Someone at WGN-Ch. 9 once calculated that, during Ray Rayner's firstthousand shows on "Bozo's Circus," he threw or was hit by 800 pies and fired off or was sprayed by 700 bottles of seltzer water.
But Rayner, who died Wednesday morning at age 84 of respiratory failure at a Ft. Myers, Fla., hospital, was more than a target for Bozo. He was a TV icon for Chicago Baby Boomers.
"There were times in his career when he was on whenever you turned thetelevision on," said Bruce DuMont, founder and president of the Museum of Broadcast Communications. "To me, along with Bob Bell, who played Bozo for so many years, and Frazier Thomas, who was synonymous with Garfield Goose, he was the other jewel in the crown of children's icons."
The New York-born and -raised Rayner --he was born July 23, 1919 as Rahner but later changed it. He was a B-17 navigator during World War II and was shot down over France. It was during the 2½ years he spent as a prisoner of war that he was bitten by the acting bug.
"They put on plays to kill time," said Rayner's daughter, Christina Miller.
"That was the first time he did any acting. And he loved it."After the war, he attended Holy Cross College for a year, then transferred to Fordham University, where he received a degree in philosophy. He later returned to school and received a master's in humanities from the University of Chicago in 1970.
After college, Rayner started his radio career on Long Island. He became news director for a Dayton radio station in 1949, and later took a job in Grand Rapids, Mich., as a disc jockey. He came to Chicago in 1953 and was hired as a staff announcer for the local CBS affiliate.His Chicago television debut came on a morning variety show, "Rayner Shine."
While at WBBM-Ch. 2, he hosted "The Ray Rayner Show," an afternoon dance party show; "The Little Show," a children's program; and "Popeye's Firehouse." He moved to WGN-TV in 1961, where he became a part of the lives of thousands of Chicago Baby Boomers.
He started out as Sgt. Henry Pettibone on "The Dick Tracy Show," where young viewers could watch the cartoon Tracy battle the likes of Pruneface and Flat Top. Several months later, he also joined "Bozo's Circus" as Oliver O. Oliver, the sidekick clown with the Kentucky accent who served as Bozo's foil.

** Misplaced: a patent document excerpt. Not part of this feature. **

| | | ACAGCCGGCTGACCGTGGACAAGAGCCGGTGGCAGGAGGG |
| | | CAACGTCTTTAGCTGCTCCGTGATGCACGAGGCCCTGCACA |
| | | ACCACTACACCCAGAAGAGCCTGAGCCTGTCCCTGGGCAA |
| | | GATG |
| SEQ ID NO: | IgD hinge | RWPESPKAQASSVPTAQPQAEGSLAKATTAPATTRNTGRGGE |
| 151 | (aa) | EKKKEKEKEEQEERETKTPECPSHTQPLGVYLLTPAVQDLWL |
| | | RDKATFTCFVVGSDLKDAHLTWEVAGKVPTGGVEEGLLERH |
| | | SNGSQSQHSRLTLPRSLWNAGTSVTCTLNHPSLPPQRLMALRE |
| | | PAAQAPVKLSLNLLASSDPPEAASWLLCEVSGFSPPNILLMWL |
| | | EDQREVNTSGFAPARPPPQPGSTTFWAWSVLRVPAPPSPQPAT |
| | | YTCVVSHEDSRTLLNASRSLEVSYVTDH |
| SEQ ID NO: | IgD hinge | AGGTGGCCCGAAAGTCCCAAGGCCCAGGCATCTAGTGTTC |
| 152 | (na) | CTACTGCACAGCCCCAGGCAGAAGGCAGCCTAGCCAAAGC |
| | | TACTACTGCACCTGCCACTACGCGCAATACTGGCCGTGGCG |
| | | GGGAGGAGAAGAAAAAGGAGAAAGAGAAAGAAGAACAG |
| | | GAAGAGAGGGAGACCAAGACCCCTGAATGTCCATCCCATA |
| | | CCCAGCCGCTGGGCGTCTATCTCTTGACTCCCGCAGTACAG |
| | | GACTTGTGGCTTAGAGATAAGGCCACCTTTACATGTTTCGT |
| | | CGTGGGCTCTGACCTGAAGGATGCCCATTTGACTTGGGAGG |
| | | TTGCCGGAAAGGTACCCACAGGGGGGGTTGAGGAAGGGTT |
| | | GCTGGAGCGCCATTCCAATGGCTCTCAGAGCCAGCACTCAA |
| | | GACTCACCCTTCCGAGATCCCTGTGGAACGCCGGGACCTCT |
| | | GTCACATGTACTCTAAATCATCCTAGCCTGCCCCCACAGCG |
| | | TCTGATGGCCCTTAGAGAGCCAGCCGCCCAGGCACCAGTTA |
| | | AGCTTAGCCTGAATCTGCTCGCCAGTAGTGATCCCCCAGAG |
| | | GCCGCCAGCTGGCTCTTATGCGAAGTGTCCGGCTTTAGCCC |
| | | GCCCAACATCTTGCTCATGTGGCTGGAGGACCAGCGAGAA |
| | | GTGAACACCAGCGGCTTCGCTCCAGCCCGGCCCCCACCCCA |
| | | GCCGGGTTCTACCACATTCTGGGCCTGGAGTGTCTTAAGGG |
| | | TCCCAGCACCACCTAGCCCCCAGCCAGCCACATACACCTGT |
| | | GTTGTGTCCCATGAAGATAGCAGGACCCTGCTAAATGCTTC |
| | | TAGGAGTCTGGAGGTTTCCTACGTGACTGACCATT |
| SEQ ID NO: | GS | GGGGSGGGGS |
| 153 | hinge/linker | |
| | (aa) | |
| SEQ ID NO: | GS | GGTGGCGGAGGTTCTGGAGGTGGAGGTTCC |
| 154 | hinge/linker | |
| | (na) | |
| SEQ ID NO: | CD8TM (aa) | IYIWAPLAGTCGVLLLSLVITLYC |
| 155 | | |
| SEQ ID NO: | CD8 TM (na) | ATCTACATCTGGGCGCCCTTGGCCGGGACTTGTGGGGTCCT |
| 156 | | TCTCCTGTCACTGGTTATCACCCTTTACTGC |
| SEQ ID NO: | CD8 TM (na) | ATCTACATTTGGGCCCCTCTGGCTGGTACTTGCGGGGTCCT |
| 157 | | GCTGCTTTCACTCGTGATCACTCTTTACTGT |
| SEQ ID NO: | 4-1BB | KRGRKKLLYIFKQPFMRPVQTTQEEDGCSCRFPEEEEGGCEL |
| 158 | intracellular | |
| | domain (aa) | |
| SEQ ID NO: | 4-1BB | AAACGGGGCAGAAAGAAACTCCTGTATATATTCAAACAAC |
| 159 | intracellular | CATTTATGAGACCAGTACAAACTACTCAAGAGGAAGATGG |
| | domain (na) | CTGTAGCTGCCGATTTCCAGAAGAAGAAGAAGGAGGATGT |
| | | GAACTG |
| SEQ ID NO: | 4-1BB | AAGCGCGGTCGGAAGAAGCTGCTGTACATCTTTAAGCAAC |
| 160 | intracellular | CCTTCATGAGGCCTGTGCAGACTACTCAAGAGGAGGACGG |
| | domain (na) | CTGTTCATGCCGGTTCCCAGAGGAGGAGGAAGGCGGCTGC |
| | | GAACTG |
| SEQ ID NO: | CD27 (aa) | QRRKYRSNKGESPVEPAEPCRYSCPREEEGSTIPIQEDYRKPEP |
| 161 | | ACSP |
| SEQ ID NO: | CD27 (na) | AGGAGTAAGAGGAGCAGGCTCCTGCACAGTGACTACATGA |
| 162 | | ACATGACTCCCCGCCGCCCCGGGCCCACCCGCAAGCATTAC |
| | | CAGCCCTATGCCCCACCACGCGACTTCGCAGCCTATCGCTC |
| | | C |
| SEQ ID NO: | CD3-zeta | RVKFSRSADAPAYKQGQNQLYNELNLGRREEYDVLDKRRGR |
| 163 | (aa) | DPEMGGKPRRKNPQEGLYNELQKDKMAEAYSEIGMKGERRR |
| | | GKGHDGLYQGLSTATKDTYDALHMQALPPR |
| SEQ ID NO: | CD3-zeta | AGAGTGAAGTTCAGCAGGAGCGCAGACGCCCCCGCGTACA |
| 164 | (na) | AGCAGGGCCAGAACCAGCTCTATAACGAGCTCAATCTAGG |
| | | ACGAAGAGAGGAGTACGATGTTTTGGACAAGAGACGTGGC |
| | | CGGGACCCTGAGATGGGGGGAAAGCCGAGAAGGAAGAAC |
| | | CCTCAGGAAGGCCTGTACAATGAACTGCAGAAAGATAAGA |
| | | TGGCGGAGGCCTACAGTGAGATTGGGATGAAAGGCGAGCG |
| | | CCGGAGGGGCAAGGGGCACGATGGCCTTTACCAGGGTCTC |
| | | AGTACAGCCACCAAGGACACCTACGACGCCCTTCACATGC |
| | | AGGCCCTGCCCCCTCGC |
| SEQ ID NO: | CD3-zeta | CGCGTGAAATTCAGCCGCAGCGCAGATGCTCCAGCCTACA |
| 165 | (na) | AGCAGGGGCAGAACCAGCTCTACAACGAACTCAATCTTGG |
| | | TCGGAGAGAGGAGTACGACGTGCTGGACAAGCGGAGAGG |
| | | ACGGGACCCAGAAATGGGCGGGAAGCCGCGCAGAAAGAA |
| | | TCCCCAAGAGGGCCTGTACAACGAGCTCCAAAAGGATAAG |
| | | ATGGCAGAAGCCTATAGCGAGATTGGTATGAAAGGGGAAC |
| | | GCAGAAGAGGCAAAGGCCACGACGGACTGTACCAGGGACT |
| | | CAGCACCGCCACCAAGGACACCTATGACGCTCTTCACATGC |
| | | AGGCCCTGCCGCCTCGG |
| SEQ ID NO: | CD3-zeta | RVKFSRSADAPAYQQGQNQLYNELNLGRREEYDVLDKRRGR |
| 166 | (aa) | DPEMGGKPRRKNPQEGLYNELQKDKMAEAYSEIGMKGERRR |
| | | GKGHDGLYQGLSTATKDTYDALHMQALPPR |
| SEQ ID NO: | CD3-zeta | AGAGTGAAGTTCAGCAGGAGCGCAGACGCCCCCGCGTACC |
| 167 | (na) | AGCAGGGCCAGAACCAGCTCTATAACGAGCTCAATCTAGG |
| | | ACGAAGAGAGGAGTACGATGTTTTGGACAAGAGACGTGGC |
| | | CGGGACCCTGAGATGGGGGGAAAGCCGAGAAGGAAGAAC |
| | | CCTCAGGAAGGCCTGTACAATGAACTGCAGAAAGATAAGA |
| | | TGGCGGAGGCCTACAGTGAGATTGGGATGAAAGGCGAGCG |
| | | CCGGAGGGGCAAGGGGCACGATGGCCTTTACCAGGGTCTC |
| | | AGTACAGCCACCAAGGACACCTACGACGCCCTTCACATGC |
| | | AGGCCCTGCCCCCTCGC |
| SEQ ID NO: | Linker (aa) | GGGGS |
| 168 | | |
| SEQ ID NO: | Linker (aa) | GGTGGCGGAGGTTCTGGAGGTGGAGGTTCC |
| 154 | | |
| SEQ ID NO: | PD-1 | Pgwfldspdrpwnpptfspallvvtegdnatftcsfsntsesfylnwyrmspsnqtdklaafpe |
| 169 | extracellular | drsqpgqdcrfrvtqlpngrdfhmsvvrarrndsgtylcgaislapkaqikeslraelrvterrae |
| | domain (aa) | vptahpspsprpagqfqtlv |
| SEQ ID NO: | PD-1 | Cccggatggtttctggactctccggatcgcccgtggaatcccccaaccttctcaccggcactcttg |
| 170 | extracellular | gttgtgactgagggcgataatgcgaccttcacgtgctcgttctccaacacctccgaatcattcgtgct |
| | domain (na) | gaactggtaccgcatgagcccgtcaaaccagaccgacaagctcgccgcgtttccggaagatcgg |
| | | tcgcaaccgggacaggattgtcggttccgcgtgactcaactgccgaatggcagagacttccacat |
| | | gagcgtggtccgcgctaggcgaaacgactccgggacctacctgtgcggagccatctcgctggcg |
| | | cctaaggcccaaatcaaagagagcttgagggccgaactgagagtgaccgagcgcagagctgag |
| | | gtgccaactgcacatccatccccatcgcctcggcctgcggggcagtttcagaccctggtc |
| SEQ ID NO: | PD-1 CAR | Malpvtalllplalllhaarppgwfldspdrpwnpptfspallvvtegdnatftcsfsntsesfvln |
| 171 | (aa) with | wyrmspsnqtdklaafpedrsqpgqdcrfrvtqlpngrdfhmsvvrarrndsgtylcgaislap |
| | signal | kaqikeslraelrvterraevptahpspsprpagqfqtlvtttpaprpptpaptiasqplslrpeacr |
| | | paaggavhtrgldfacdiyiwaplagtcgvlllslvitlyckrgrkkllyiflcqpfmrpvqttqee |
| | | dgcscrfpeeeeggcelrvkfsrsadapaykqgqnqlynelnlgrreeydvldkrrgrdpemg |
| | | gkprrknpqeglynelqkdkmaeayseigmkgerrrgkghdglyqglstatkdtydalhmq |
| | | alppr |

In 1962, Rayner also became host of "Breakfast with Bugs Bunny," which was retitled "Ray Rayner and His Friends" two years later. At that point, he had three shows and some interesting friends.
There was Cuddly Dudley, a giant orange dog-voiced by Roy Brown, who later became Cooky the Clown on the show-who helped him answer mail. There was Dr. Lester Fisher, director of the Lincoln Park Zoo, who made weekly appearances to talk about animals. And there was Chelveston the Duck.
Named after Chelveston, England, where Rayner was stationed during the war, Chelveston may be best remembered for chasing Rayner around the studio, nipping at his heels. (Rayner later admitted to stashing duck feed in his pants cuffs so the duck would peck at his legs). Rayner inevitably would save himself by providing Chelveston with a head of lettuce, which the duck also would attack savagely.
The morning show featured Rayner in a jumpsuit covered with small pieces of paper-a 1960s version of Post-Its-on which he supposedly wrote things (they were actually blank) he needed to do, such as show a cartoon, visit Cuddly Dudley or work on a do-it-yourself project (most of which ended up as less than artistic successes).
"When he first started his show in the morning, I suggested we do ado-it-yourself segment," said Al Hall, longtime WGN producer and director.
"I gave him a rather simple project to do, which I figured would take about three minutes. It took 15. We were live-I was almost out of my mind. How could anybody be this uncoordinated? About two weeks later, I talked to the guy who used to be his producer at Channel 2, and he said, `Hey, you've got to have him do do-it-yourself projects.' I said, `Yeah, I know.'."
While he was most visible on television, Rayner also did other work during his Chicago days.
"He was a working actor," his daughter said. "He did voice-overs. He did commercials. He did industrials. He did, you name it. He was doingappearances. He did anything any actor in Chicago would do."
Rayner worked extensively at the Candlelight Dinner Playhouse in Summit and the adjacent Forum Theatre, mainly in the 1970s. His major theatrical roles at the Forum and Candlelight included work in Neil Simon's "The Odd Couple" and the lead role in "A Funny Thing Happened On the Way to the Forum."
"Aside from his other accomplishments, Ray also was very much a creature of the stage," said Richard Christiansen, former chief critic of the Chicago Tribune.
"He had a zestful presence and a wonderful voice along with excellent comic timing. There was a sense of enjoyment in his work-you knew he was having a good time, and the audience was having a good time along with him."
"The Dick Tracy Show" ended in 1966, and Rayner moved to "Rocket toAdventure," another children's show, which lasted two years. He left "Bozo's Circus" in 1971, and continued his morning show until he retired from WGN in December 1980. He moved to Albuquerque, where he was soon back on the air, doing weather for the CBS affiliate until 1989.
After his first wife, Jeanne, died about seven years ago, he decided torelocate to Florida, his daughter said.
In addition to his daughter, survivors include his second wife, Marie; a son, Dr. Mark Rahner; and four grandchildren. Mass will be said Saturday in Ft. Myers.Copyright © 2015, Los Angeles Times